Story Points

The weird, wonderful, confusing and often misunderstood world of the story point. I have lost count of the number of times that I have been in a meeting when the transition to story points has come up and a large debate and confusion has followed.

“How many days is a story point?”

“Do we divide story points between test and development activities?”

“Why don’t we just use hours to estimate?”

“What is a Fibonacci?”

Why should we estimate in story points

Humans are not that good at estimating things in actual size, whether that be measuring something in minutes, metres, decibels, centimeters, kilometres, miles……… you get the idea. We just aren’t good at doing it, have a go now.

  1. Picture 4 dogs, Labrador, Dachshund, St Bernard and a Springer Spaniel
  2. Now give me the precise measurements for each of these?
  3. How precise can you do it? By weight in lbs? By length in cm?

I’m guessing that unless you are Rain Man that you are probably out from your guess, but what if I asked you to now put these dogs in order of size. Have a try now……….

I’m thinking small to large, Dachshund > Springer Spaniel > labrador > St Bernard? Well that was much easier, we may have some disagreement around the Lab and the Spaniel but they’re very similar in size and that’s ok, we can agree that quite easily but much more difficult it come to an agreement on precise measurement. The important thing here is that we can compare the dogs without their actual size. Okay now I bring in a Shih Tzu dog, can you easily put this into the order of our dogs?

We use relative sizing throughout our daily lives, think of coffee, strength is often depicted by number of beans on the jar, do you have a precise strength measurement? Can you tell how much stronger a 1 bean is that a six bean? You can workout that you like a medium coffee so you would go for the 3 bean one. All this without precise measurement. Don’t like coffee huh? Curry? Spicy food? this is often depicted by the number of chilli’s, same principle.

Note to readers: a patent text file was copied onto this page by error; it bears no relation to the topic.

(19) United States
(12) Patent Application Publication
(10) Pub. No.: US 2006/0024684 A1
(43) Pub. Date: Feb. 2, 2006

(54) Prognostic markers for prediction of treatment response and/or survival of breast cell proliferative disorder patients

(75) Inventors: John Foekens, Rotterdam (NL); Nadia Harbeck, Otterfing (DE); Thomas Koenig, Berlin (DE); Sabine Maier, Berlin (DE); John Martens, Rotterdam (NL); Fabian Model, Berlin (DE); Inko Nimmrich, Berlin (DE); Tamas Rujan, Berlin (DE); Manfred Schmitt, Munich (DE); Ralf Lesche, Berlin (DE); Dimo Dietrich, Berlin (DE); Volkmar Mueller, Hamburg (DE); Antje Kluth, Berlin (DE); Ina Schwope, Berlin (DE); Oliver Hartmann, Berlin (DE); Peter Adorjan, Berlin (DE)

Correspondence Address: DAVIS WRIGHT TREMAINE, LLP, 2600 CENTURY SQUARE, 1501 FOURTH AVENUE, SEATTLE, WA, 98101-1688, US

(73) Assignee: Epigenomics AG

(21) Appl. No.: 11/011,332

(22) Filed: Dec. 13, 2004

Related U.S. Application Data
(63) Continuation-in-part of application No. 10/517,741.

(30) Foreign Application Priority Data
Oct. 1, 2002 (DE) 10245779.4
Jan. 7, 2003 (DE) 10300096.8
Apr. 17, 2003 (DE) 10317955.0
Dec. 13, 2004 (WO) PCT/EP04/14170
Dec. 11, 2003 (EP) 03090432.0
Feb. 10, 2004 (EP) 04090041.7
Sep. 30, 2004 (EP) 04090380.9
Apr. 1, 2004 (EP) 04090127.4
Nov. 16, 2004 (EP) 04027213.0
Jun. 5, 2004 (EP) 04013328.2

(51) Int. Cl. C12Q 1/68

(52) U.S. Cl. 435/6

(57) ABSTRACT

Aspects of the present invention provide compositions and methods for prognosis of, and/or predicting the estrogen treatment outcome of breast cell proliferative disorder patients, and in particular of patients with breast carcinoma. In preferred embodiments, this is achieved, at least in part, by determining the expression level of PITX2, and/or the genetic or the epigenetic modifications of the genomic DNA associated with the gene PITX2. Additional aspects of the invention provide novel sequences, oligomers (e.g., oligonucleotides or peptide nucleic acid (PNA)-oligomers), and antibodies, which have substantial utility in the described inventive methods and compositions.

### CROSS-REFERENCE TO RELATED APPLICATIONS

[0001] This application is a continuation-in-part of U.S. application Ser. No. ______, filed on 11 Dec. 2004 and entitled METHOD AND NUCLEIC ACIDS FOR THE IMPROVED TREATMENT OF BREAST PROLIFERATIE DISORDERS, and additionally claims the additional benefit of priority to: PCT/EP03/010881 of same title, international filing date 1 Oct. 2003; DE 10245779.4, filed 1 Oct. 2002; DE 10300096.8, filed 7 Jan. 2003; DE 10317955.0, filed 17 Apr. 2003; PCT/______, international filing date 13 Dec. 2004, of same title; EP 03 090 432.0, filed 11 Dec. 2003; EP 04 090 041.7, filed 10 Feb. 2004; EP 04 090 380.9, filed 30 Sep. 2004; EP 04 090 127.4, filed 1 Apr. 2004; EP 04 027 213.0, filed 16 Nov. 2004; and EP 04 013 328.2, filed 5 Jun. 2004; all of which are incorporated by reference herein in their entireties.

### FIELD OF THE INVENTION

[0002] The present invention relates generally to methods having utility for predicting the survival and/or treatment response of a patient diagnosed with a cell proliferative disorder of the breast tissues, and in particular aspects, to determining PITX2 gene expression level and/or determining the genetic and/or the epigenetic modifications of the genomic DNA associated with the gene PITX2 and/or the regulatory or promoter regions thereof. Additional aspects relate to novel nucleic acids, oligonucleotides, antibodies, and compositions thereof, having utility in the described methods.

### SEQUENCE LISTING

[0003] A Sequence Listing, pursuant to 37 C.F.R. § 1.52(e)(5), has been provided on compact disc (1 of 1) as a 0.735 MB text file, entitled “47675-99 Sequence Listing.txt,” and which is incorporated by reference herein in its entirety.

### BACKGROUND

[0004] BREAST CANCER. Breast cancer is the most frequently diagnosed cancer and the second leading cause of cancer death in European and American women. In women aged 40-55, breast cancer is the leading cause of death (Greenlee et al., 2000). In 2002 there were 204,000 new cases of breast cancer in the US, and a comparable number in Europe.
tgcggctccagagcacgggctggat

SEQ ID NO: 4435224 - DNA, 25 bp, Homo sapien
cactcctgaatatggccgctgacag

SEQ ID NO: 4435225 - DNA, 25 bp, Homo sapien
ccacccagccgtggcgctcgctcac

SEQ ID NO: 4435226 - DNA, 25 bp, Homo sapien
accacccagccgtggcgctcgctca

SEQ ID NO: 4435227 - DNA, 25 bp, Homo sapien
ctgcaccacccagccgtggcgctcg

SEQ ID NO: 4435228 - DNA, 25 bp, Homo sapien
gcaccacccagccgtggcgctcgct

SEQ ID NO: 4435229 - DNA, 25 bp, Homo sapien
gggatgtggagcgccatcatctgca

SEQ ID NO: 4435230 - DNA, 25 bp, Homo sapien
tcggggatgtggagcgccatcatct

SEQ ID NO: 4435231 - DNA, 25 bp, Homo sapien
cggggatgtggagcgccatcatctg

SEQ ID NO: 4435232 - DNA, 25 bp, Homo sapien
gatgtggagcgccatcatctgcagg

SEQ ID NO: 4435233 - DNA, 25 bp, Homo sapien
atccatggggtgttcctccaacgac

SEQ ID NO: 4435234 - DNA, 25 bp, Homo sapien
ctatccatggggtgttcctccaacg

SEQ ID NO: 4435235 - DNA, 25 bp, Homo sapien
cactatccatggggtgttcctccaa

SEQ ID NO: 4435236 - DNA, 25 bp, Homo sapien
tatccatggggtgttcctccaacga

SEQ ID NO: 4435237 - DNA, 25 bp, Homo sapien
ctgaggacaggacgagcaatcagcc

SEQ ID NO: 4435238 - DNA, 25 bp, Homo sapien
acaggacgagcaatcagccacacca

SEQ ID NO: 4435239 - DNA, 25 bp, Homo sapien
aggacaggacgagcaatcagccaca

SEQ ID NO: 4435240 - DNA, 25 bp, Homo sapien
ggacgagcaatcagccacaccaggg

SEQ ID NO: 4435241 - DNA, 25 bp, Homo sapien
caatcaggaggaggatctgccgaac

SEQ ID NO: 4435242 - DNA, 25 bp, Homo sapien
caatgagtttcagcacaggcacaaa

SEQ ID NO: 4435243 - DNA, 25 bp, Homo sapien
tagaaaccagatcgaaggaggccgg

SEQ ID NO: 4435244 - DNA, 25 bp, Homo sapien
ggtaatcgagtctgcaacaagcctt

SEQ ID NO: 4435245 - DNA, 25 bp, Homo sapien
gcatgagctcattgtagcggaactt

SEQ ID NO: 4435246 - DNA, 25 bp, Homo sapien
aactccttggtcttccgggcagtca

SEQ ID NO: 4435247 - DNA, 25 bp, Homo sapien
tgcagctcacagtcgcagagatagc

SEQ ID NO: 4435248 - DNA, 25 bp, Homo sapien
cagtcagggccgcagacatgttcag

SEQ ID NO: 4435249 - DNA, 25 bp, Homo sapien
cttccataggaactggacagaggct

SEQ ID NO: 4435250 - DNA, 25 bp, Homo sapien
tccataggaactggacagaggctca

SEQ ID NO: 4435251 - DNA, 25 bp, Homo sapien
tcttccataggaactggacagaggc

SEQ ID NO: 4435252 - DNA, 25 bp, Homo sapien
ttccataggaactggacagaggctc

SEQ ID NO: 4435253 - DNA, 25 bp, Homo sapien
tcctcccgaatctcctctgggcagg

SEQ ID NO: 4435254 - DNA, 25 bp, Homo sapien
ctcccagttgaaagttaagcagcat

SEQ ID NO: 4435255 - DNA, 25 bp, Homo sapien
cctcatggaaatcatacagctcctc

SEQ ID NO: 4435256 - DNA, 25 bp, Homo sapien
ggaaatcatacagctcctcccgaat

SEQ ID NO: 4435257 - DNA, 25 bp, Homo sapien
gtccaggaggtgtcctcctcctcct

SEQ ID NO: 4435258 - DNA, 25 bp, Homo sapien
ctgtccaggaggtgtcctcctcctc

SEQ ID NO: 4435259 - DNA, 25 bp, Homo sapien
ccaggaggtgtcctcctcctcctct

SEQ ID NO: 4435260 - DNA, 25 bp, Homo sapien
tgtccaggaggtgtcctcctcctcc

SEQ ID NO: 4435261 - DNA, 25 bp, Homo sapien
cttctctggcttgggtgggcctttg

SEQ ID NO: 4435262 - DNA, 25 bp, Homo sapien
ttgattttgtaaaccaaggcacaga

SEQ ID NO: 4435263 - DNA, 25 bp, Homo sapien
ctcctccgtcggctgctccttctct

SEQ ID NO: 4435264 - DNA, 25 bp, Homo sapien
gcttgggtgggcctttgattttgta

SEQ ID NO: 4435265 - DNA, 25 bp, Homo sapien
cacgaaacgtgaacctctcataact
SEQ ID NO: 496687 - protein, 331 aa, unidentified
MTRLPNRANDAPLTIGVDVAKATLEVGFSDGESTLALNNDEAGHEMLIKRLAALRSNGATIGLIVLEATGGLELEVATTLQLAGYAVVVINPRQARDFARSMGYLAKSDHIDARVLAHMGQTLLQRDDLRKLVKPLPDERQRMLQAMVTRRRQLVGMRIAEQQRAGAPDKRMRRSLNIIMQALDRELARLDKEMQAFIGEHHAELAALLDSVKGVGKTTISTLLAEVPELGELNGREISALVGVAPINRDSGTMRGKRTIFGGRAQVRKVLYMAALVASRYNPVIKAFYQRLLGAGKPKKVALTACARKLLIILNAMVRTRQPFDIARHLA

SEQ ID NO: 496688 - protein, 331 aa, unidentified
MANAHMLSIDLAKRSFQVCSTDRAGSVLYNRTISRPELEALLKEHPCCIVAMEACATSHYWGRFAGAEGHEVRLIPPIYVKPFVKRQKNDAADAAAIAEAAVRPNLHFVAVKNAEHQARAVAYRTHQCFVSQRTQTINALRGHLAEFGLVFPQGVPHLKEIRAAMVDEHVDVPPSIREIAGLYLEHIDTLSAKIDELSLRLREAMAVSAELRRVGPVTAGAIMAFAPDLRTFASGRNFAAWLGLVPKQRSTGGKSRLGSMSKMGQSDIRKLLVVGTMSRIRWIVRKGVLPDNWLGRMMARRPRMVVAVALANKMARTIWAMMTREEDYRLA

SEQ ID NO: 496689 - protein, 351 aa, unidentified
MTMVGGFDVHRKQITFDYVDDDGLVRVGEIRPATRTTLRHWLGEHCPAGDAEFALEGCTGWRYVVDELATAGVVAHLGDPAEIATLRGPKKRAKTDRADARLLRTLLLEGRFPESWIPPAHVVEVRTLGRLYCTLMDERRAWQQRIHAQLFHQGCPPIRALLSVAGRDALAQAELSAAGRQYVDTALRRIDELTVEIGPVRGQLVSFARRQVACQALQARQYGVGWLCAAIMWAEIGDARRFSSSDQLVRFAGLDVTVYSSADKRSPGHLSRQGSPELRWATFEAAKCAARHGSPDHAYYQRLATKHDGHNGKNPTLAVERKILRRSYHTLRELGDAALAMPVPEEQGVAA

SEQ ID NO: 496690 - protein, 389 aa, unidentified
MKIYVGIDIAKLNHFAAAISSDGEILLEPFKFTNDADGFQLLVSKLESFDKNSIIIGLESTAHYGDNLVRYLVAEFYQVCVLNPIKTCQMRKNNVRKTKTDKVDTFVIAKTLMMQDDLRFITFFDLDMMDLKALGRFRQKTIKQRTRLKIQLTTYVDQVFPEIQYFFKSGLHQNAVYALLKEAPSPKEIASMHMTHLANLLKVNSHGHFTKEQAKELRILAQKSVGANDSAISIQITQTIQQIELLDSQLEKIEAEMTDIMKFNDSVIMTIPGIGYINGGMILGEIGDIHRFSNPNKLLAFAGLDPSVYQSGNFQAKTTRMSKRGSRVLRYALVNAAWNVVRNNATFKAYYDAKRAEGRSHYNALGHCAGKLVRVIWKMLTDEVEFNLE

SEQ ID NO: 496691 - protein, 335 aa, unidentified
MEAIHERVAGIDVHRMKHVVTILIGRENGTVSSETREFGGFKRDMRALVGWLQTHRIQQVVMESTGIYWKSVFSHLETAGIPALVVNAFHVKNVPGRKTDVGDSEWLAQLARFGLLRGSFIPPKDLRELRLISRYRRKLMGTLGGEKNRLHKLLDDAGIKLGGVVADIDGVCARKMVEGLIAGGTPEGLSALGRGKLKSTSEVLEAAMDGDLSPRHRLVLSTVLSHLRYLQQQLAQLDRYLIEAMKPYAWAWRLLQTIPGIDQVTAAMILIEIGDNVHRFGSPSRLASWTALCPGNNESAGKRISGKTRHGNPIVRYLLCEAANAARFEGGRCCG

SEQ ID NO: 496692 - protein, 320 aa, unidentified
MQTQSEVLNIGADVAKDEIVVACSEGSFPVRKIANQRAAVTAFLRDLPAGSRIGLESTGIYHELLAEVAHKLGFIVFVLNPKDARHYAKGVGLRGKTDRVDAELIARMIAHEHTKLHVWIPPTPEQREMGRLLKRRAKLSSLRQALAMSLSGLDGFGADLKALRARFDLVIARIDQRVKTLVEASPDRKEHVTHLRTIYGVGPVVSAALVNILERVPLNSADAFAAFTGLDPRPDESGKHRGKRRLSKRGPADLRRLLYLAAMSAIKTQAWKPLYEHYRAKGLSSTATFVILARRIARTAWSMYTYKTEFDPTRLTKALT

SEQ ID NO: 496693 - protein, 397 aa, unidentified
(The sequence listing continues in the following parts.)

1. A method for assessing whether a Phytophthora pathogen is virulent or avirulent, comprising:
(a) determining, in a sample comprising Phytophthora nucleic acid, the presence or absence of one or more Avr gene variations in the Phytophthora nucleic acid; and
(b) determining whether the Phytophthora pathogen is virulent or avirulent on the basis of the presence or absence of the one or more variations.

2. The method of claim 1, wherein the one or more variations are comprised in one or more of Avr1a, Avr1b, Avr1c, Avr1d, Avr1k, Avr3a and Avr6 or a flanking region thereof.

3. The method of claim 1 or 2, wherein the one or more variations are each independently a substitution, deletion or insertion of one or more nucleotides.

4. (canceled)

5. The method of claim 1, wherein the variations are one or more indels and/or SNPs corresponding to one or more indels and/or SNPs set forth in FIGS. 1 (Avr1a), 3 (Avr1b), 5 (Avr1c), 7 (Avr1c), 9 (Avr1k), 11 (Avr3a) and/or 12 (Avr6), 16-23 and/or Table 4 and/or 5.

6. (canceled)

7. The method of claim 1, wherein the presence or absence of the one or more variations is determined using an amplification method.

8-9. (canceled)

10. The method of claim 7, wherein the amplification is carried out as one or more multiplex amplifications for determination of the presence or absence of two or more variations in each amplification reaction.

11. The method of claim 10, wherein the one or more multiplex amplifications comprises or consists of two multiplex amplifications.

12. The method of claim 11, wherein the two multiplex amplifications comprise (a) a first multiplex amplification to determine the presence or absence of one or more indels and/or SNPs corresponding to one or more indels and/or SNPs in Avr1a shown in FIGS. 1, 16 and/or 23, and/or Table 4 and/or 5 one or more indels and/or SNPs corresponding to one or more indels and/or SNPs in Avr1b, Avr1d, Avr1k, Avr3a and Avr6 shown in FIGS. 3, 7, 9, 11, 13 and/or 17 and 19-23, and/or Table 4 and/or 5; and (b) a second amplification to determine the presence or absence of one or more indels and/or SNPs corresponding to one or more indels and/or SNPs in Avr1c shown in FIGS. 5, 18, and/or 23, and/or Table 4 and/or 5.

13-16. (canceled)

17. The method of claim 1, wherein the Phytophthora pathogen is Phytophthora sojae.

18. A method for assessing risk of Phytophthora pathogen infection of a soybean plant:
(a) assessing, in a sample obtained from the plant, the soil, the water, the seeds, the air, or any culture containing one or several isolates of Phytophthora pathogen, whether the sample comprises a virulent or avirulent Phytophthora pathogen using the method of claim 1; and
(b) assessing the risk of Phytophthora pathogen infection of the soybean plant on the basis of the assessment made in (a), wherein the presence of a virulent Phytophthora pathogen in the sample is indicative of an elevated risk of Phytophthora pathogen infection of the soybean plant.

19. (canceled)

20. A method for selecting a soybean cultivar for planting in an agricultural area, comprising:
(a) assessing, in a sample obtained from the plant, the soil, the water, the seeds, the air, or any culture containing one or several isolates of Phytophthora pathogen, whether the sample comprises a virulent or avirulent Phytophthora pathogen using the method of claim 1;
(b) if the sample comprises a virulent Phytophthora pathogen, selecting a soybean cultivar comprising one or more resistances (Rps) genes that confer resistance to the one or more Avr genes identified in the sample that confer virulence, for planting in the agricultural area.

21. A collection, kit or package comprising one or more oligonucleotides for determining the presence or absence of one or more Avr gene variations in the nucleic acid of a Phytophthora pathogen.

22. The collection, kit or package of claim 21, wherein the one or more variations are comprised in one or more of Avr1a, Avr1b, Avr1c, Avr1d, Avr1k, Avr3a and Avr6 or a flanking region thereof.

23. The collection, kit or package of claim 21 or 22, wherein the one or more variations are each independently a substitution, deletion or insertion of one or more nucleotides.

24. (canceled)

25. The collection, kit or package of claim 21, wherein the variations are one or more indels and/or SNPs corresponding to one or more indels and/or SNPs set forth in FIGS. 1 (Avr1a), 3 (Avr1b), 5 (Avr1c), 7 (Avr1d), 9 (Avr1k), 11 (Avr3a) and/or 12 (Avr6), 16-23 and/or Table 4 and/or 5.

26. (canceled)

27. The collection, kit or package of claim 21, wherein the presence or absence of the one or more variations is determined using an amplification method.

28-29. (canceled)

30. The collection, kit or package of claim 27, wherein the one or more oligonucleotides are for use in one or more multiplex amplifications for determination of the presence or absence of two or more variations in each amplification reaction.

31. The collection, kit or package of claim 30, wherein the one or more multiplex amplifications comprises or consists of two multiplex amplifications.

So what did this prove

We’re not very good at absolute measurements but we are really good with relative measurements.

How many times have you estimated some software task in hours and got it right? How many of you have estimated something as 1hr 15m? Really!? Who has said it will be x if I do the work but maybe y of someone else does the work?

So here is the thing, we want an abstract way whereby the whole team, developers and testers (the people performing the work) can have a common understanding and way to estimate how big pieces of work actually are relative to each other. Hmmm so lets take the dog example from before we could estimate the pieces of work as different dogs, a Labrador pieces of work is much bigger than a Shih Tzu or we could assign them some values:

Dog Points
Shih Tzu 1
Dachshund 2
Beagle 3
Labrador 5
Newfoundland 8
Great Dane 13

Now we can take this scale which is from the Fibonacci scale and use this to score pieces of work relative to each other. What teams usually do is to set a baseline with a simple piece of work and call that a Shih Tzu, I mean 1 point, then you can estimate the work based on that.

Typically with Scrum the numbers used will be 0, 1, 2, 3, 5, 8, 13, 20, 40, 100. The higher the story points the less accurate the estimation is. It will be important to breakdown stories so that you can fit them into sprints and get them into a shippable state by the end, there will be another post about that.

Conversations & Discussion

What you will find if you start trying to estimate work with story points is that it gets a good conversation going between the developers, testers and product owners. This conversation and discussion in so important and its one of the great benefits of using story points. Teams should use a planning poker game (which is outlined in another post) to facilitate the story point scoring. This will result in people justifying their estimates, having more conversation about the work item and getting a better shared understanding of the work.


Now this will take a few sprints but what you want to do is get a feel for how many story points you can achieve within a sprint, you won’t know when you start your first sprint but you should get a feel of how much work you can commit to when you plan your sprint. After a few sprints you will be able to take an average and get an idea of how many story points you can achieve, this will help with planning and can indicate what can get done within upcoming sprints.


Dont get too bogged down with what is right, just get the conversations going about the work items. Make sure you agree as a team what the points are for work items and get everyone’s feedback. Promote discussion and if you’re struggling to agree or come up with an estimate then perhaps there isn’t enough information and understanding of the requirement.

Don’t have PO’s, PM’s or anyone outside the Scrum tream estimating. The Scrum team own the estimates and you want consistency. A PO or PM will most likely underestimate and don’t really have the understanding of what effort is involved.

More on self organising  teams and moving away from command and control in another post.

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